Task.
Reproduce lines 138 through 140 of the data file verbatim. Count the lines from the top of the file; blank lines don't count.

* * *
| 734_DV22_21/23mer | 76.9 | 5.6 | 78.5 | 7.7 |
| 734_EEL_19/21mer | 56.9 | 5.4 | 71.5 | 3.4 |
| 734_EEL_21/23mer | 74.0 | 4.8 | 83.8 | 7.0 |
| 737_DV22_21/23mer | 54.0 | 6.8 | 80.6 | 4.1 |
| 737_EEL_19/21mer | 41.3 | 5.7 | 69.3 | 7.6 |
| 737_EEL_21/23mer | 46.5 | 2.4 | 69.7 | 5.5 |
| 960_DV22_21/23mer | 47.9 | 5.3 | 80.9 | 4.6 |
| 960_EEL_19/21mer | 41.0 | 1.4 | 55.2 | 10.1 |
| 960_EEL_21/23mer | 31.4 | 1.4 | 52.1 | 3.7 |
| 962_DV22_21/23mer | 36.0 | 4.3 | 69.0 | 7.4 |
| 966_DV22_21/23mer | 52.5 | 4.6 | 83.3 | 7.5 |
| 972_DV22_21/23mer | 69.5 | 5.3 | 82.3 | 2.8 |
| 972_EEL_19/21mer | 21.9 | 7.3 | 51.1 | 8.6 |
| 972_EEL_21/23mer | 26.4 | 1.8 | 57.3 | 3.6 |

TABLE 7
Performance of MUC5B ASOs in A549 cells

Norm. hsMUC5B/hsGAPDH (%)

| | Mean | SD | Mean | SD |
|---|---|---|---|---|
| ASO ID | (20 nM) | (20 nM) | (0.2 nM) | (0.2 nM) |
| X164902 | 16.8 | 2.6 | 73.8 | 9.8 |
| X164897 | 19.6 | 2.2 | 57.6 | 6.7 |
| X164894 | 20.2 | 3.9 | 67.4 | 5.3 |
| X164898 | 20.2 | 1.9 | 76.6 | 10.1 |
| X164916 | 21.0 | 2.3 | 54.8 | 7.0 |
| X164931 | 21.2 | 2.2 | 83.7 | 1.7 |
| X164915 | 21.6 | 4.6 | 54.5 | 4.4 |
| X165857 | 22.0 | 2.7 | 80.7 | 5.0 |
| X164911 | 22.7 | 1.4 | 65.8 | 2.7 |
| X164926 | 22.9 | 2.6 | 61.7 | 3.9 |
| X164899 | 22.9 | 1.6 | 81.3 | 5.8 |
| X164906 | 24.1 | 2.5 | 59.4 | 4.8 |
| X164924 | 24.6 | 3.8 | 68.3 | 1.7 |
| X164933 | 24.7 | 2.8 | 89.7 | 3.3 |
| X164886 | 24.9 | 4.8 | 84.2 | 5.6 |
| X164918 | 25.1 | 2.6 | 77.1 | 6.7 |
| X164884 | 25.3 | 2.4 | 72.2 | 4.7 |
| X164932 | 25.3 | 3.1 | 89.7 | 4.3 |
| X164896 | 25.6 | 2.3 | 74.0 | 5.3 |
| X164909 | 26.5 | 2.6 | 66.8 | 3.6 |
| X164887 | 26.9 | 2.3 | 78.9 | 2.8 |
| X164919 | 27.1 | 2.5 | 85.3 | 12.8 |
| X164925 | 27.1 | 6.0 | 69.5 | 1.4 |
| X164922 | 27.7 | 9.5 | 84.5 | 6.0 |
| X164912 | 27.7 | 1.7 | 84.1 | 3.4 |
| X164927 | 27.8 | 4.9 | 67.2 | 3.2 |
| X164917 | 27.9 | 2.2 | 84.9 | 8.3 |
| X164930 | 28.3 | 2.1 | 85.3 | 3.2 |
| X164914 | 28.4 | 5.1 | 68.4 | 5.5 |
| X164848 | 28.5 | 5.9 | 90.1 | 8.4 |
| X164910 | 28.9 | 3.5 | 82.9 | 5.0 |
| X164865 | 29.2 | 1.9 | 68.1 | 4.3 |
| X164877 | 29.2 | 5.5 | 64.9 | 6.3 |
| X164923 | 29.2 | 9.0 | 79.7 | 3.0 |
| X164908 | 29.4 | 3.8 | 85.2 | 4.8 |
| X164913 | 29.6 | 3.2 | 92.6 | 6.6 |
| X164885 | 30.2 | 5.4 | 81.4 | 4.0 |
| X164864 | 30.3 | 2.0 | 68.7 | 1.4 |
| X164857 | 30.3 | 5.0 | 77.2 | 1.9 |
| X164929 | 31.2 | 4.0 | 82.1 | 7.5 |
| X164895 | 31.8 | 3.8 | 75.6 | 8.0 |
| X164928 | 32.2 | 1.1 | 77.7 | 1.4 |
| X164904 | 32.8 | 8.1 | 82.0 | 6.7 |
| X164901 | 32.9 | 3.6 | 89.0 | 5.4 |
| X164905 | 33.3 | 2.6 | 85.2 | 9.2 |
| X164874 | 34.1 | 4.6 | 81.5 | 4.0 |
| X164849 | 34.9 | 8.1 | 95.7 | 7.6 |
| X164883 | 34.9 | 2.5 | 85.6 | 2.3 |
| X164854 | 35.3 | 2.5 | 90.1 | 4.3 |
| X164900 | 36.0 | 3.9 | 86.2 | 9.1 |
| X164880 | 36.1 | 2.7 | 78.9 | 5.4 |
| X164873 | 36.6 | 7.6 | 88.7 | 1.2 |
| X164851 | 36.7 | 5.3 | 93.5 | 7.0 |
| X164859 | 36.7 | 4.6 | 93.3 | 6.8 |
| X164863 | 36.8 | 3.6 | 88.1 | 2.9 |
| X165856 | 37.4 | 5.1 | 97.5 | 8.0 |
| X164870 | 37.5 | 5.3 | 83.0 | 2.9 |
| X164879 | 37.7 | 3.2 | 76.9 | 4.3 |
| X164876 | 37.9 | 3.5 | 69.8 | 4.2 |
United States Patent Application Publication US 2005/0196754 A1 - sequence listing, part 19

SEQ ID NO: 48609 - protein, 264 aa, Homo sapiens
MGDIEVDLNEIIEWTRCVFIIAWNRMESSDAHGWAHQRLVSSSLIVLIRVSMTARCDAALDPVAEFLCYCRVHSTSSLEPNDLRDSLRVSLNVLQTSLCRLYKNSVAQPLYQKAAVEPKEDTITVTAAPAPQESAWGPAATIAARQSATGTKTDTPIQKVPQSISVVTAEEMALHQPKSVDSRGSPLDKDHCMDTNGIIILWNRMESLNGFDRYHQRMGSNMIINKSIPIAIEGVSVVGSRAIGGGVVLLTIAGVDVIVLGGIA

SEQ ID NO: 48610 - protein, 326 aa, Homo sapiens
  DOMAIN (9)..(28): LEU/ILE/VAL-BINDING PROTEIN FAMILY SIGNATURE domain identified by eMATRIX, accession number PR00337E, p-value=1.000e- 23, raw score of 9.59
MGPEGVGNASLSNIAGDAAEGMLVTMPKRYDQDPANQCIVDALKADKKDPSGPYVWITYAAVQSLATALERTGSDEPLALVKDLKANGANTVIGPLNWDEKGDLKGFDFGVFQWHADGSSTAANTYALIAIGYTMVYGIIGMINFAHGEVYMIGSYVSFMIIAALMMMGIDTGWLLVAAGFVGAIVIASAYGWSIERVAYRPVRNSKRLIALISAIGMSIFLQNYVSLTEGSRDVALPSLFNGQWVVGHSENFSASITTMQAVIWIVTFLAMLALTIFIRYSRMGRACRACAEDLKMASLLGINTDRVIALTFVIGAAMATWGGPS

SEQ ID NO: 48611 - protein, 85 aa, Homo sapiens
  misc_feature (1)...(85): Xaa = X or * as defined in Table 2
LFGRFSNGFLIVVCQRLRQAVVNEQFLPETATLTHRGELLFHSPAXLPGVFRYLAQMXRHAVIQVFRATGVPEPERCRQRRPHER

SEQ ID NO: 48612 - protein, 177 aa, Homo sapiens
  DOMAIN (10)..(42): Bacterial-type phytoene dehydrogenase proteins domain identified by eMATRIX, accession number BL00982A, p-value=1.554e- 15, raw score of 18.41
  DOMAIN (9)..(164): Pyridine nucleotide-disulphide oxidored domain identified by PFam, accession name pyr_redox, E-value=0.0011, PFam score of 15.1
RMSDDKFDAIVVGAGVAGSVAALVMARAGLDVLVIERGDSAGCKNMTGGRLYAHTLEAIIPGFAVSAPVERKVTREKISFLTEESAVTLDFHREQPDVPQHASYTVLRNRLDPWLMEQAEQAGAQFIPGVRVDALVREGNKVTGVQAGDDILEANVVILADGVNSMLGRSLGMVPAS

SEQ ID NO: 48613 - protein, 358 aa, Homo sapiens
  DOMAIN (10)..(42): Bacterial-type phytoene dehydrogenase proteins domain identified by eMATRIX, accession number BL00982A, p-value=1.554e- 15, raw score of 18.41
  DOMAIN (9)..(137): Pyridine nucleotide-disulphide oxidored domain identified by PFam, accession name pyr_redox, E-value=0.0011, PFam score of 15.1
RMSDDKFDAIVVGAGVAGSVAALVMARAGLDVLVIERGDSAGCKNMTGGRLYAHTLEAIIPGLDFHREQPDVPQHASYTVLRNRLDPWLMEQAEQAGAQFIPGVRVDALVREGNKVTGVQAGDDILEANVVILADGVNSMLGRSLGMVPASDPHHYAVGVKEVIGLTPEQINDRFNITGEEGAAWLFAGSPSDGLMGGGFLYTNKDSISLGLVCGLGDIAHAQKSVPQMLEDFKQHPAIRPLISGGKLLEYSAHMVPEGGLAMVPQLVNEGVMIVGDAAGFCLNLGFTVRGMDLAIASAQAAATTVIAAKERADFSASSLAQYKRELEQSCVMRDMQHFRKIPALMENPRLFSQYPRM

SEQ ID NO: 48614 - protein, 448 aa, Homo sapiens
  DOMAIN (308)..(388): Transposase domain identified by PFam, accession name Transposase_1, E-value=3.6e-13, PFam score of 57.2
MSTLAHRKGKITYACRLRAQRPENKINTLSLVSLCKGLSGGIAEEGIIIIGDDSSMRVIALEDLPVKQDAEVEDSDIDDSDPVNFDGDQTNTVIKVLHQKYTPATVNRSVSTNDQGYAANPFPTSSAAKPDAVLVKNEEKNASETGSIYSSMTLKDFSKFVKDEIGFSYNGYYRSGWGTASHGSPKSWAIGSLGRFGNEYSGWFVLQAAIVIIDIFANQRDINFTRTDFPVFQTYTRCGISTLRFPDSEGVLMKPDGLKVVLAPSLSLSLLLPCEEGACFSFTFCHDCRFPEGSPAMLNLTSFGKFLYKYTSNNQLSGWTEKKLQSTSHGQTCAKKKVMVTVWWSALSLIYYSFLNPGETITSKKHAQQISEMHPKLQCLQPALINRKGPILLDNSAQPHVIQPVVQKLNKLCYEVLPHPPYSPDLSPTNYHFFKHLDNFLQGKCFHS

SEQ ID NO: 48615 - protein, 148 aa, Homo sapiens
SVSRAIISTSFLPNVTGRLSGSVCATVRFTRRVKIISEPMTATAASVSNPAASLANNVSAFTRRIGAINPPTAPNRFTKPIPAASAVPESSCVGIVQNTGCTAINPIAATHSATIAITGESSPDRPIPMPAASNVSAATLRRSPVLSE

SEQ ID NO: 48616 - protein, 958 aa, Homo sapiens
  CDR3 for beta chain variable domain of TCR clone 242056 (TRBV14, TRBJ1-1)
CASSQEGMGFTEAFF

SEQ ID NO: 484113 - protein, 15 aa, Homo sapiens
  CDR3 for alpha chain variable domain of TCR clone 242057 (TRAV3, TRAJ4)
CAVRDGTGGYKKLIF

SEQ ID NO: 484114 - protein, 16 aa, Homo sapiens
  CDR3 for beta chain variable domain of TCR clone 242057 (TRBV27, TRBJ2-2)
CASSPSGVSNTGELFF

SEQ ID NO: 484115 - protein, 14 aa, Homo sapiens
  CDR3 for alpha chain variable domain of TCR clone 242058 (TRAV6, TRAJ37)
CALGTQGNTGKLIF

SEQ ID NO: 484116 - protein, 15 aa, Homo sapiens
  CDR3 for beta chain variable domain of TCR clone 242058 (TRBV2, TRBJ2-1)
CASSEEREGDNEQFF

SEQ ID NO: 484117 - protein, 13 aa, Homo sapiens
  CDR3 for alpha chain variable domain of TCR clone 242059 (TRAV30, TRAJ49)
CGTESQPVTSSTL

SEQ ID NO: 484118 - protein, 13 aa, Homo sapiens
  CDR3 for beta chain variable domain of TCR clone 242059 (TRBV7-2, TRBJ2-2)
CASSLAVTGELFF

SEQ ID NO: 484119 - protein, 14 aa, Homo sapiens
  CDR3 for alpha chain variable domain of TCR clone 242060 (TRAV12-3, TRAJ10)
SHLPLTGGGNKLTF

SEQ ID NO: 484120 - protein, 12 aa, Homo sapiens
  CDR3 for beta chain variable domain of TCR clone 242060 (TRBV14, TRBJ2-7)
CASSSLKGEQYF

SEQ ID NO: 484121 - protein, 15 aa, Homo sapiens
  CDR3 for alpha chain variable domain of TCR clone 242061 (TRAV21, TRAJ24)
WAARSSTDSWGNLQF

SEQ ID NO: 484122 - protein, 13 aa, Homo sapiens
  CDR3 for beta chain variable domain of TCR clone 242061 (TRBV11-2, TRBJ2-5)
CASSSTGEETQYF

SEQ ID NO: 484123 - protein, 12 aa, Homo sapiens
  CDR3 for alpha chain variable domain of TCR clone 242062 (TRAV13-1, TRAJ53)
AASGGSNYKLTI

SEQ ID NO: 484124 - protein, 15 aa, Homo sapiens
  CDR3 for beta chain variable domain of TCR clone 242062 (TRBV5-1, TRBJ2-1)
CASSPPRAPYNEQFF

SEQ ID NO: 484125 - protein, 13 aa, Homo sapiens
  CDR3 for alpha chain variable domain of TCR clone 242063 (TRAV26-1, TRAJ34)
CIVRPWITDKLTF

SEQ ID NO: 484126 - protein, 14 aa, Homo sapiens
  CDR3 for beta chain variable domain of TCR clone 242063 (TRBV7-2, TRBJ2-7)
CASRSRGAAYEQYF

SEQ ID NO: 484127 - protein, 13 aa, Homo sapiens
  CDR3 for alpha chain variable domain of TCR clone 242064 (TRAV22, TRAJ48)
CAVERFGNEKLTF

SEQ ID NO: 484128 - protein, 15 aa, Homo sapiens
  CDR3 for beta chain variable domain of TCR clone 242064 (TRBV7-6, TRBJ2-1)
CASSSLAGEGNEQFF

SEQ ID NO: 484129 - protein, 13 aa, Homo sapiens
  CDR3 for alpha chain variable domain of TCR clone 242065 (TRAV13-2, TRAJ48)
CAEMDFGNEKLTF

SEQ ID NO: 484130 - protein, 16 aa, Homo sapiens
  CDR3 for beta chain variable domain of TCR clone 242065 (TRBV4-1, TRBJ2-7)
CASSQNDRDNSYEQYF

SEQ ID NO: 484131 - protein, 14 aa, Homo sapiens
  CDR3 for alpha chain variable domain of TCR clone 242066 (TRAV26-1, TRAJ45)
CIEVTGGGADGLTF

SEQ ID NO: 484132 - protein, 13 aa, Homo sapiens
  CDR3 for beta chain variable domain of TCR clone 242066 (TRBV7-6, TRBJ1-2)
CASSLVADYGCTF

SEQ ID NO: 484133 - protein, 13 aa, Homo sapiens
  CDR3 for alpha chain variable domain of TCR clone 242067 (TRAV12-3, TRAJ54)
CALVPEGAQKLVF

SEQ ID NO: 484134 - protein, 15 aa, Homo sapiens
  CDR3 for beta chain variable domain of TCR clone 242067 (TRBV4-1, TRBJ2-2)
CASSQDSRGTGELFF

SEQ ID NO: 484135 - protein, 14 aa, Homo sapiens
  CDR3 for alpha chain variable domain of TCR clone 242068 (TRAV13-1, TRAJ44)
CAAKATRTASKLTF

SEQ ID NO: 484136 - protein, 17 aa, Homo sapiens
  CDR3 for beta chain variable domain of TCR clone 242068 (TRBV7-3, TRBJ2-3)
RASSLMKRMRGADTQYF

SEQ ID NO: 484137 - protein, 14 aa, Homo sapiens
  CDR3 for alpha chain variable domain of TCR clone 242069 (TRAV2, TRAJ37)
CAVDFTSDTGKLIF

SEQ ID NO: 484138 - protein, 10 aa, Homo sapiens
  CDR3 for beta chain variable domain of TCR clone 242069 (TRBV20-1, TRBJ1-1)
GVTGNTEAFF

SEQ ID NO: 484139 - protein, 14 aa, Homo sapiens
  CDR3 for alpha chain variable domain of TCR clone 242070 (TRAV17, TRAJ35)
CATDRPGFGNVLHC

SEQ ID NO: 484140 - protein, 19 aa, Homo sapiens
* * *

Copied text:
SEQ ID NO: 484124 - protein, 15 aa, Homo sapiens
  CDR3 for beta chain variable domain of TCR clone 242062 (TRBV5-1, TRBJ2-1)
CASSPPRAPYNEQFF